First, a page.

The dust settles, MTB teams remain school sponsored

Keely Ganong

Marin County, widely referred to as the birthplace of mountain biking, is home to three wildly successful high school mountain bike teams. In recent weeks, however, the three teams part of the Tamalpais Union High School District (TUHSD) have experienced confusion and panic surrounding the future of their high school teams.

On Tuesday May 11, the TUHSD administration held a meeting to discuss the current operations of the three teams with site administration, mountain bike team coaches and advisors in attendance. The meeting concluded with participants under the impression that the district was separating itself from the teams and the sport would no longer be sponsored by the schools. However, following community backlash, the district clarified their decision. Instead of being harmed, the teams will ultimately benefit and be recognized as school-sponsored sports more formally than before. Julia Violich, director of the Redwood mountain bike team, attended the meeting along with coaches from Archie Williams (formerly known as Drake) and Tamalpais High School.

Celebrating their last official NorCal race of the season, the Redwood mountain bike team poses triumphantly. (Photo Courtesy of Jen Northrop.)

“We were told in that meeting that as of July 1, we were no longer sponsored by the school, there would be no faculty involvement, no coaches on campus [and] we couldn’t have the mascot; they changed everything,” Violich said. 

Coaches communicated this information back to their teams and it was quickly circulated between TUHSD parents and students. The news was then amplified online before the district offered any clarity. The Save Marin High School Mountain Biking website, created by an Archie Williams parent, stated the district was “killing Marin High School Mountain Biking.” Encouraging people to “join the fight,” Archie Williams junior Taz Fruhauf created an online petition that gained over 3,500 signatures since its creation on May 14. There was anger and frustration as people assumed decisions had already been made.

On May 15, TUHSD administration released a statement in order to clarify their position.

“It was never the intention of the District or Board to disband mountain biking, however, it appears that not all present for the meeting left the table with the same understanding and some misinformation has gone out to the community,” TUHSD said.

Failed communication resulted in a frantic community response. Leslie Harlander, TUHSD Board President, noticed how the information circulating generated misconceptions.

“[The students] are hearing the same information I’m hearing and I know that the information I’m hearing is not all accurate. I’ve gotten emails from students thinking that we’re getting rid of mountain biking and it pains me to read that because we’re not,” Harlander said.

The panic subsided as the community was reassured that the district was not in fact shutting out the program like many had assumed.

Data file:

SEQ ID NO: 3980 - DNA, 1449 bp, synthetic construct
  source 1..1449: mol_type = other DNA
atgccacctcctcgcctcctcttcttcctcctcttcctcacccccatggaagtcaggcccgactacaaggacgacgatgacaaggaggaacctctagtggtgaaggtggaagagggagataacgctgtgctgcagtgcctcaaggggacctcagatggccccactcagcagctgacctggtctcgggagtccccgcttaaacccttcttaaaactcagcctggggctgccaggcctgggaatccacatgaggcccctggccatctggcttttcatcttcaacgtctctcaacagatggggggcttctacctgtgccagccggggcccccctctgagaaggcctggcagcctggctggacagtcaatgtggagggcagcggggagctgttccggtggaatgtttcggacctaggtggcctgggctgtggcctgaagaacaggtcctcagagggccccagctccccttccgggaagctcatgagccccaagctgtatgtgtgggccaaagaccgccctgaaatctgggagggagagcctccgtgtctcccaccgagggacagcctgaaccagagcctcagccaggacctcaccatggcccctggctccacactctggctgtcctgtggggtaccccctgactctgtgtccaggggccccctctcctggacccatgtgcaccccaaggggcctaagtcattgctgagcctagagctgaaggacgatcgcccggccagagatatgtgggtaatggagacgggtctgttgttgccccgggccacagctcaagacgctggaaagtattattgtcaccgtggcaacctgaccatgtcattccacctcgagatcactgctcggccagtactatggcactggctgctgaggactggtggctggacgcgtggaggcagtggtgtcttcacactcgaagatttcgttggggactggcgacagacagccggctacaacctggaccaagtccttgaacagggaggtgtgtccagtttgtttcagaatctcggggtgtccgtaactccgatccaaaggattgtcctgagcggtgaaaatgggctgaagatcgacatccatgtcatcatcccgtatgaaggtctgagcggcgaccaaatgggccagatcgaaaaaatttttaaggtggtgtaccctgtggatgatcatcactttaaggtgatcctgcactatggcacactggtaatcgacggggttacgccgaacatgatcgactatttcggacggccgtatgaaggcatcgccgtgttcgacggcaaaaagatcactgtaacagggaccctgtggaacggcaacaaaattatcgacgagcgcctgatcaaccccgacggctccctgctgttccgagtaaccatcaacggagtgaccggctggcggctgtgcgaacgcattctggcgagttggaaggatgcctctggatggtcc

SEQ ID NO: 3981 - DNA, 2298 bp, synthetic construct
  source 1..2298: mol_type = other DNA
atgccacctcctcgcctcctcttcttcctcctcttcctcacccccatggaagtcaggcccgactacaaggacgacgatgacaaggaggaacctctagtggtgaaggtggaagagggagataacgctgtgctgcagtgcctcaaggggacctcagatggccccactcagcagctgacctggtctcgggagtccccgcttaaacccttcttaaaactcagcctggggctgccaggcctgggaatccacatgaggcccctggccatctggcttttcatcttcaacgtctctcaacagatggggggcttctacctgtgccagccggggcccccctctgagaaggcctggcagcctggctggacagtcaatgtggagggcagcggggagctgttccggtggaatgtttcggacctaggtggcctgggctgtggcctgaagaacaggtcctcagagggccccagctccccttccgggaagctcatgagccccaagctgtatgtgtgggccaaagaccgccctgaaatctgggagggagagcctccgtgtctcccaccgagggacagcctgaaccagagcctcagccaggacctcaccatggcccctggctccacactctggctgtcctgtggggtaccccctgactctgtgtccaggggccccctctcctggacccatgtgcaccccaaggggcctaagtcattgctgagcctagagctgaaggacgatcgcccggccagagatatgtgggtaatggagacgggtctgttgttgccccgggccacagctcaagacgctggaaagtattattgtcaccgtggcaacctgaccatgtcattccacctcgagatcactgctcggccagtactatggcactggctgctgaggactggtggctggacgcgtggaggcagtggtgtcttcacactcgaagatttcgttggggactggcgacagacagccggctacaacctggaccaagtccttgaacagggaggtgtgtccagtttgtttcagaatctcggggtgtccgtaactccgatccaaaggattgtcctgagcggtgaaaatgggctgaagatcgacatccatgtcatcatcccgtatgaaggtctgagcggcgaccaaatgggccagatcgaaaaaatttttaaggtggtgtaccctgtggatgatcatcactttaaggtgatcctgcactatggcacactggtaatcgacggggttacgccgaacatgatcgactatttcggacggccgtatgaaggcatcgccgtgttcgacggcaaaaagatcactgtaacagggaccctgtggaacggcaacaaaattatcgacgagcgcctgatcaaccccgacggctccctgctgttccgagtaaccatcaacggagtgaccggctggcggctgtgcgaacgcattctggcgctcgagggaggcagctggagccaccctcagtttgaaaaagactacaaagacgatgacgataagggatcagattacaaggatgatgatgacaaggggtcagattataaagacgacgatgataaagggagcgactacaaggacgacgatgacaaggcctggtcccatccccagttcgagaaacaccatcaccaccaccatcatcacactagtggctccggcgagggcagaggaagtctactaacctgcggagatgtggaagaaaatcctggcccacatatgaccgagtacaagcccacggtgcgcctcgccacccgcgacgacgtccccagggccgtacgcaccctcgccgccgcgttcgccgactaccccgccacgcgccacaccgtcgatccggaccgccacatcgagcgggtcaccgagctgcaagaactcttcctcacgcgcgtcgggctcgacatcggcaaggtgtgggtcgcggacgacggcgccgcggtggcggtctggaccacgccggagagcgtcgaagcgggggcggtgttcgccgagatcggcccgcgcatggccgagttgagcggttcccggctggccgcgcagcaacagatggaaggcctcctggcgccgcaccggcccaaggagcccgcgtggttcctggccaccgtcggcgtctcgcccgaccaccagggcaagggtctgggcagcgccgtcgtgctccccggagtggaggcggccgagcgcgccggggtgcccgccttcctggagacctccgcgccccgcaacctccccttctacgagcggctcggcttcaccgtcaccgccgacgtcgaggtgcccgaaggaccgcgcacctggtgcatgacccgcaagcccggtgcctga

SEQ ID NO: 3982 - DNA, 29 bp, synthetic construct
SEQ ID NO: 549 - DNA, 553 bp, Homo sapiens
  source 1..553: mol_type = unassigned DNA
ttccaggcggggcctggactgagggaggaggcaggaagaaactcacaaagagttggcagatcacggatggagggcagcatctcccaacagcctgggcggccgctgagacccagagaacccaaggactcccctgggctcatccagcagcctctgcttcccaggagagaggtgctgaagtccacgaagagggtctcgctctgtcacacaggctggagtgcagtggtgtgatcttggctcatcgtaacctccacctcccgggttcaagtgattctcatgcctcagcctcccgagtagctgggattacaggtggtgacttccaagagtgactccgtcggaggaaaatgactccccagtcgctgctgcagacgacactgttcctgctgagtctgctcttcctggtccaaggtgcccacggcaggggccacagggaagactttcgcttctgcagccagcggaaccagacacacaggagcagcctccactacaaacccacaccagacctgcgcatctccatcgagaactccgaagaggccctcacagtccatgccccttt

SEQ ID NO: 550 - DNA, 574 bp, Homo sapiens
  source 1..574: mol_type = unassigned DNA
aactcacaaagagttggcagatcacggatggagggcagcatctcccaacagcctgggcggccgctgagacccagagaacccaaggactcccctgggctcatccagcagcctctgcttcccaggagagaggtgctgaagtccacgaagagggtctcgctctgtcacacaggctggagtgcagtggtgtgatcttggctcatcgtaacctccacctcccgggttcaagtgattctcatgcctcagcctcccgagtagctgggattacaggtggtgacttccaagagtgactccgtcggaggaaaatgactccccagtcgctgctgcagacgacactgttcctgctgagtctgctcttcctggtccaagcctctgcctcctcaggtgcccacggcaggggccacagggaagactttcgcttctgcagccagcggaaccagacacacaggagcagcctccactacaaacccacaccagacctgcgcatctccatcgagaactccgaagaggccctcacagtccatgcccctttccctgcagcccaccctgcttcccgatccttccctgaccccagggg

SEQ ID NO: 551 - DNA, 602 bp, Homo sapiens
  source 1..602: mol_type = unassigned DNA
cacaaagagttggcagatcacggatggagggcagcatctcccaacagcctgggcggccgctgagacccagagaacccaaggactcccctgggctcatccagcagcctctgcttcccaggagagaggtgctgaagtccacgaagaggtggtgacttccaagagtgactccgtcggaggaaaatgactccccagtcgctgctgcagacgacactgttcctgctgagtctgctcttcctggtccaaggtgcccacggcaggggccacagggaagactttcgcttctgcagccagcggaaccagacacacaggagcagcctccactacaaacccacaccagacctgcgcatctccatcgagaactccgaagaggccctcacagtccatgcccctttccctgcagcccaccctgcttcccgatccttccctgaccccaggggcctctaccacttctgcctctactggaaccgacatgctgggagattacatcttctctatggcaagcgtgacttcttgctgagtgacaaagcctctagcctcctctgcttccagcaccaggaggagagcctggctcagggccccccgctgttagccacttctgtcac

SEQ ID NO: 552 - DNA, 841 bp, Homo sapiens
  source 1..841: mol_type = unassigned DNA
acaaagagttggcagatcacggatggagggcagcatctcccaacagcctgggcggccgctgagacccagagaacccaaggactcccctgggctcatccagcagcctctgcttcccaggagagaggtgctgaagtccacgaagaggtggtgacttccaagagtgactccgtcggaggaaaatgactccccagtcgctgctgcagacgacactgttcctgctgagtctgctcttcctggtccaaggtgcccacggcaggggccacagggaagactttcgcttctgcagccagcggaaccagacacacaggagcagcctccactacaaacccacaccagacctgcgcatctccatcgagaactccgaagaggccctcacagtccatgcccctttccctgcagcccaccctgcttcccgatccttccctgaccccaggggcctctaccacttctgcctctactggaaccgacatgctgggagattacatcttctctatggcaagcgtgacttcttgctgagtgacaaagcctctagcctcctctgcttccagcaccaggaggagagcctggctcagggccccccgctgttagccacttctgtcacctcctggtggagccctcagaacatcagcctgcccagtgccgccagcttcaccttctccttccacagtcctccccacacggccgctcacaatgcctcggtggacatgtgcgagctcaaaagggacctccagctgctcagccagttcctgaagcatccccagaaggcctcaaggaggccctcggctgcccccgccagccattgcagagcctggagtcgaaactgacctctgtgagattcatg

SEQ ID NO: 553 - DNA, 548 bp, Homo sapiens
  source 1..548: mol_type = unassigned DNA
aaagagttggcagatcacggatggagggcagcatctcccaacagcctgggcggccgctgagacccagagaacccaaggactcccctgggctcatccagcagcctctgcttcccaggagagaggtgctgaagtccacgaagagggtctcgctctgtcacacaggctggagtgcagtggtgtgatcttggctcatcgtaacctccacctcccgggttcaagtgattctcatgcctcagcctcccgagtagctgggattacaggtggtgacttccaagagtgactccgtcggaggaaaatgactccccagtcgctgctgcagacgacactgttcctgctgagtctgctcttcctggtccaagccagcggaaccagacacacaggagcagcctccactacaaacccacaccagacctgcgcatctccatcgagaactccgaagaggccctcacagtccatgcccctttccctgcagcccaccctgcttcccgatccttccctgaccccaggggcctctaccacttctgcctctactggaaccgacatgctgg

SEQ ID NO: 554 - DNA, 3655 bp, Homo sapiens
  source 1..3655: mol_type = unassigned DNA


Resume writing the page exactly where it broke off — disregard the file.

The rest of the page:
Launching off the start line, Senior Sean Middleton begins his time trial lap during the Six Sigma time trial on May 16. (Photo Courtesy of Adrian Nacamulli.)

“It took less than thirty-six hours of pushback for the district to realize that they made a mistake and that’s it, now we’re back to being a sponsored club,” Violich stated.

The shared solution, agreed upon by TUHSD administration and the three district mountain biking coaches and advisors, recognizes the three clubs as school-sponsored clubs more formally than before. The agreement was explained in further detail during a TUHSD Board meeting on May 25. Mountain biking team operations will remain generally the same as previous years, but the shared solution puts this formally in writing. With their new status as school-sponsored clubs, starting in the 2020-2021 school year, the school’s name can be used in the official club name, mascot, logo and uniforms. Athletes can also receive a varsity letter. 

“I feel very satisfied with what’s happened in the last week and a half. We are really looking forward to continued growth and it’s very nice for us to have our actual relationship [with the district] in writing. I feel that we’re ready to take the next step and continue to support our student athletes,” Violich said.

Maggie Nelson, captain of the Archie Williams mountain bike team, has been riding on the team for all four years of high school. She shares her appreciation for the program as well as the district during a public comment period at the May 25 meeting.   

“I’ve been able to grow as a person and develop important leadership skills. I’ve built relationships in this community that will last my entire lifetime. When I initially heard that maybe it was the end of the road for mountain biking and that I was no longer going to be able to race for my high school, I was distraught and angry. I’m really glad that [the district is] working towards this solution,” Nelson said.

Despite a short period of turbulence, the mountain biking program will continue its long-standing success with the support of its passionate community.

“It’s nice for it to be formally in writing now. It makes me as a director feel more confident about the sustainability of the sport,” Violich said.